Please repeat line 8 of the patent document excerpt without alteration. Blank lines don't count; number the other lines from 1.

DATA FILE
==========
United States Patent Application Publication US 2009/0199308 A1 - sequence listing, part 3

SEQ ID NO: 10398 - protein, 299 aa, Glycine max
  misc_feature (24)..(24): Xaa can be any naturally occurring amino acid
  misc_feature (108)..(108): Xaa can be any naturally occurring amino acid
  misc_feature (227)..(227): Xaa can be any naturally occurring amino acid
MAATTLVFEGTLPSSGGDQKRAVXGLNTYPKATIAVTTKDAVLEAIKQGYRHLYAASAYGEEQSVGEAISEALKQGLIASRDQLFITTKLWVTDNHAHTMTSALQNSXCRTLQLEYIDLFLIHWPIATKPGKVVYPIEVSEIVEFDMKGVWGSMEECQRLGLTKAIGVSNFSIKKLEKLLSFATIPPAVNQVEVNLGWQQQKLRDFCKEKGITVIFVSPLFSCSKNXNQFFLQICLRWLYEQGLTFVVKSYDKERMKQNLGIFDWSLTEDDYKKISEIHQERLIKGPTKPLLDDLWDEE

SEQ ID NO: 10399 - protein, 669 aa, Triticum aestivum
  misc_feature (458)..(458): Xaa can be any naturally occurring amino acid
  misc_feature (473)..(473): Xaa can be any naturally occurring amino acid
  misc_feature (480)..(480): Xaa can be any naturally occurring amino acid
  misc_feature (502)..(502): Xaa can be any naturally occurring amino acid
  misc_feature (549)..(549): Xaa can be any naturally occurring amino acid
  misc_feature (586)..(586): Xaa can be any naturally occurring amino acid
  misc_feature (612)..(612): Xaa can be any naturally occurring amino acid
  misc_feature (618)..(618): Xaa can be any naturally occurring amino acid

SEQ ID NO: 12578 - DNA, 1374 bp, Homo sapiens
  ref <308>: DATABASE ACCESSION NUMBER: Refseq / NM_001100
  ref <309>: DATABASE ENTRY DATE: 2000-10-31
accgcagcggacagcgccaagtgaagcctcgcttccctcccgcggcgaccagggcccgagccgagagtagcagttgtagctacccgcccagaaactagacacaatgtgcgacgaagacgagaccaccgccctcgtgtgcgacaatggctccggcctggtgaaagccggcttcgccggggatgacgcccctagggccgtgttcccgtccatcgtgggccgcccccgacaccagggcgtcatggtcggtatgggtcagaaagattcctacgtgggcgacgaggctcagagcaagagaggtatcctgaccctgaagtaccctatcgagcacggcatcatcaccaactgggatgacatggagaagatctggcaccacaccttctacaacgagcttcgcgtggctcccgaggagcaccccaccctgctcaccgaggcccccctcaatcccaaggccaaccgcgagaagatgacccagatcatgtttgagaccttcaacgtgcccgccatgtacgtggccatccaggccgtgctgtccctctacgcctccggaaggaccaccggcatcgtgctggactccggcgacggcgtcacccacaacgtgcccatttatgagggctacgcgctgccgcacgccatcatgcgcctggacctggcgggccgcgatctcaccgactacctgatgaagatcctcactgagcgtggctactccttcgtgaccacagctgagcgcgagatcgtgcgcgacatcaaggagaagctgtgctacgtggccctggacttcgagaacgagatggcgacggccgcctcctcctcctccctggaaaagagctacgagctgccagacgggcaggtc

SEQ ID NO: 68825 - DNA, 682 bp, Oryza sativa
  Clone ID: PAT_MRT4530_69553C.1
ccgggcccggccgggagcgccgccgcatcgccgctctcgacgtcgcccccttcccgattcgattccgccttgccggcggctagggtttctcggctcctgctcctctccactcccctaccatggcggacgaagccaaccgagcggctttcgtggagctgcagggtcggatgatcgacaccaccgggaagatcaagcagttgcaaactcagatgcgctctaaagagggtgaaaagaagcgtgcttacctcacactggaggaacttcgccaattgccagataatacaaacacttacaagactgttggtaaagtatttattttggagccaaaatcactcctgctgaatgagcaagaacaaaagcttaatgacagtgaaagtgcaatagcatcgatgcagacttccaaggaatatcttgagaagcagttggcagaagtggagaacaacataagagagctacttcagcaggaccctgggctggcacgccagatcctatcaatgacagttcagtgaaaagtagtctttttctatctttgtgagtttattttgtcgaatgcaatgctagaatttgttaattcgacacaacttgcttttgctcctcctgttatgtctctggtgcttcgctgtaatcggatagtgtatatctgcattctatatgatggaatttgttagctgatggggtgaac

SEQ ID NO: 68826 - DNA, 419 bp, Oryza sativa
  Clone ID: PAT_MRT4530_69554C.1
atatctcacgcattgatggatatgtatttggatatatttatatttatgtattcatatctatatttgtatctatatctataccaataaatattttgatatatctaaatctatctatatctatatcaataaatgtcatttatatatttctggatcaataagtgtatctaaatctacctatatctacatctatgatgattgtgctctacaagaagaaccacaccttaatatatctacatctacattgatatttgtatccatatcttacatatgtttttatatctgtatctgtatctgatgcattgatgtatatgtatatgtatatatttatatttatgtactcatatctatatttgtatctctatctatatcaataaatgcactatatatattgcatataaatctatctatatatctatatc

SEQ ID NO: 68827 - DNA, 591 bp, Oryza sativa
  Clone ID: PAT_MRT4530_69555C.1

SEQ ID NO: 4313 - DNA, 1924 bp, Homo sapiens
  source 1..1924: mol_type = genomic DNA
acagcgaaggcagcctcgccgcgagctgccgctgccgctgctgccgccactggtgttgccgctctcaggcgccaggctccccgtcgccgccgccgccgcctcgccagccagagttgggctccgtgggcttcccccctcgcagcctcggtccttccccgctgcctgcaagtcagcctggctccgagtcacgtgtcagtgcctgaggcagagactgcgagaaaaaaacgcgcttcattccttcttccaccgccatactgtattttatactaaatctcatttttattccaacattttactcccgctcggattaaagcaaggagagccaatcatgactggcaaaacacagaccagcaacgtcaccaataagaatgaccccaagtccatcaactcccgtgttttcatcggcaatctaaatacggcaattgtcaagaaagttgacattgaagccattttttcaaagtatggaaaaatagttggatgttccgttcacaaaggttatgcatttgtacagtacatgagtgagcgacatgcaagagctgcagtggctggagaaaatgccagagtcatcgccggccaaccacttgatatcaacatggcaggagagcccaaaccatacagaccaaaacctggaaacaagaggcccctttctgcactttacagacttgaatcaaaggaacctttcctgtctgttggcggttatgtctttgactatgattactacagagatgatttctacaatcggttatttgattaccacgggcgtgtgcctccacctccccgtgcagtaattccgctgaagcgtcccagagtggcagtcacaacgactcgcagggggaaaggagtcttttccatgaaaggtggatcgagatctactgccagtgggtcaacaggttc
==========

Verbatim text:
  misc_feature (458)..(458): Xaa can be any naturally occurring amino acid